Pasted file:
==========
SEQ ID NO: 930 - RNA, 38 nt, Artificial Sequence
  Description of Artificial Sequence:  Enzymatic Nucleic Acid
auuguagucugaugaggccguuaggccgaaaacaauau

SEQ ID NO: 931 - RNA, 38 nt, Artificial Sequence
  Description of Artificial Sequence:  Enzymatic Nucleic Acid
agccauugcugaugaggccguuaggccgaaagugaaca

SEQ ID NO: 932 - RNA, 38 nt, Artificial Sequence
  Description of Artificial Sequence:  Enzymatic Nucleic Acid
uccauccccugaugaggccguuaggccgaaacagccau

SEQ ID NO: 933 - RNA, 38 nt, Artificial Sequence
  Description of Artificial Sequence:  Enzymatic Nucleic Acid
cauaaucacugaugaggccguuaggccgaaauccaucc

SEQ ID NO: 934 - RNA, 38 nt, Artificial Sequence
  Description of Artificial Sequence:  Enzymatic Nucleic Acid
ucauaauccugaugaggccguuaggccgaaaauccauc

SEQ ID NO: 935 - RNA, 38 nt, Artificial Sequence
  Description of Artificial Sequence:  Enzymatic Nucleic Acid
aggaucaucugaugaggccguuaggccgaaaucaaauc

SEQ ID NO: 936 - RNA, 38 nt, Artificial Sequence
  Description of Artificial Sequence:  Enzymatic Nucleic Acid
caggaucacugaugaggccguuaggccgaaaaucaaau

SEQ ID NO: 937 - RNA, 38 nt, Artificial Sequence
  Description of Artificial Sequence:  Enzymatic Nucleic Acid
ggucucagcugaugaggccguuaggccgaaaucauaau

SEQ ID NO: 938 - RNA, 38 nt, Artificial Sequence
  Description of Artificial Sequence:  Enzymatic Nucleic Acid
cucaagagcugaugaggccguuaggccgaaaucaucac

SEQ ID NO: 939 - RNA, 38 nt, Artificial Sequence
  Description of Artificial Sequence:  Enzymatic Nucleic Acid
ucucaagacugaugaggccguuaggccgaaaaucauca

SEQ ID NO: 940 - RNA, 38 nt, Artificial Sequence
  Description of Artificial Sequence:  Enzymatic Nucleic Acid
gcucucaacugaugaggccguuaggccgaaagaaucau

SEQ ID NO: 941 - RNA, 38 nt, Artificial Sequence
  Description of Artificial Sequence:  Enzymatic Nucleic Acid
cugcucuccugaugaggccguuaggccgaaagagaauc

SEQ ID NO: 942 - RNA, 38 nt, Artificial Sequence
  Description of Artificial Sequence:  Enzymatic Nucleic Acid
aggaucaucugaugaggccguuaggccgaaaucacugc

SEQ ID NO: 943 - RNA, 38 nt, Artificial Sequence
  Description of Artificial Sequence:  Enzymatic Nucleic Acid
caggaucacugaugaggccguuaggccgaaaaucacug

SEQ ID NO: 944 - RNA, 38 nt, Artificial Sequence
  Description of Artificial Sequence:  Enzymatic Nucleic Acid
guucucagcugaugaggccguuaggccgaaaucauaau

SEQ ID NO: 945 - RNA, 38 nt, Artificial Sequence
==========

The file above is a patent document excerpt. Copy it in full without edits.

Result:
SEQ ID NO: 930 - RNA, 38 nt, Artificial Sequence
  Description of Artificial Sequence:  Enzymatic Nucleic Acid
auuguagucugaugaggccguuaggccgaaaacaauau

SEQ ID NO: 931 - RNA, 38 nt, Artificial Sequence
  Description of Artificial Sequence:  Enzymatic Nucleic Acid
agccauugcugaugaggccguuaggccgaaagugaaca

SEQ ID NO: 932 - RNA, 38 nt, Artificial Sequence
  Description of Artificial Sequence:  Enzymatic Nucleic Acid
uccauccccugaugaggccguuaggccgaaacagccau

SEQ ID NO: 933 - RNA, 38 nt, Artificial Sequence
  Description of Artificial Sequence:  Enzymatic Nucleic Acid
cauaaucacugaugaggccguuaggccgaaauccaucc

SEQ ID NO: 934 - RNA, 38 nt, Artificial Sequence
  Description of Artificial Sequence:  Enzymatic Nucleic Acid
ucauaauccugaugaggccguuaggccgaaaauccauc

SEQ ID NO: 935 - RNA, 38 nt, Artificial Sequence
  Description of Artificial Sequence:  Enzymatic Nucleic Acid
aggaucaucugaugaggccguuaggccgaaaucaaauc

SEQ ID NO: 936 - RNA, 38 nt, Artificial Sequence
  Description of Artificial Sequence:  Enzymatic Nucleic Acid
caggaucacugaugaggccguuaggccgaaaaucaaau

SEQ ID NO: 937 - RNA, 38 nt, Artificial Sequence
  Description of Artificial Sequence:  Enzymatic Nucleic Acid
ggucucagcugaugaggccguuaggccgaaaucauaau

SEQ ID NO: 938 - RNA, 38 nt, Artificial Sequence
  Description of Artificial Sequence:  Enzymatic Nucleic Acid
cucaagagcugaugaggccguuaggccgaaaucaucac

SEQ ID NO: 939 - RNA, 38 nt, Artificial Sequence
  Description of Artificial Sequence:  Enzymatic Nucleic Acid
ucucaagacugaugaggccguuaggccgaaaaucauca

SEQ ID NO: 940 - RNA, 38 nt, Artificial Sequence
  Description of Artificial Sequence:  Enzymatic Nucleic Acid
gcucucaacugaugaggccguuaggccgaaagaaucau

SEQ ID NO: 941 - RNA, 38 nt, Artificial Sequence
  Description of Artificial Sequence:  Enzymatic Nucleic Acid
cugcucuccugaugaggccguuaggccgaaagagaauc

SEQ ID NO: 942 - RNA, 38 nt, Artificial Sequence
  Description of Artificial Sequence:  Enzymatic Nucleic Acid
aggaucaucugaugaggccguuaggccgaaaucacugc

SEQ ID NO: 943 - RNA, 38 nt, Artificial Sequence
  Description of Artificial Sequence:  Enzymatic Nucleic Acid
caggaucacugaugaggccguuaggccgaaaaucacug

SEQ ID NO: 944 - RNA, 38 nt, Artificial Sequence
  Description of Artificial Sequence:  Enzymatic Nucleic Acid
guucucagcugaugaggccguuaggccgaaaucauaau

SEQ ID NO: 945 - RNA, 38 nt, Artificial Sequence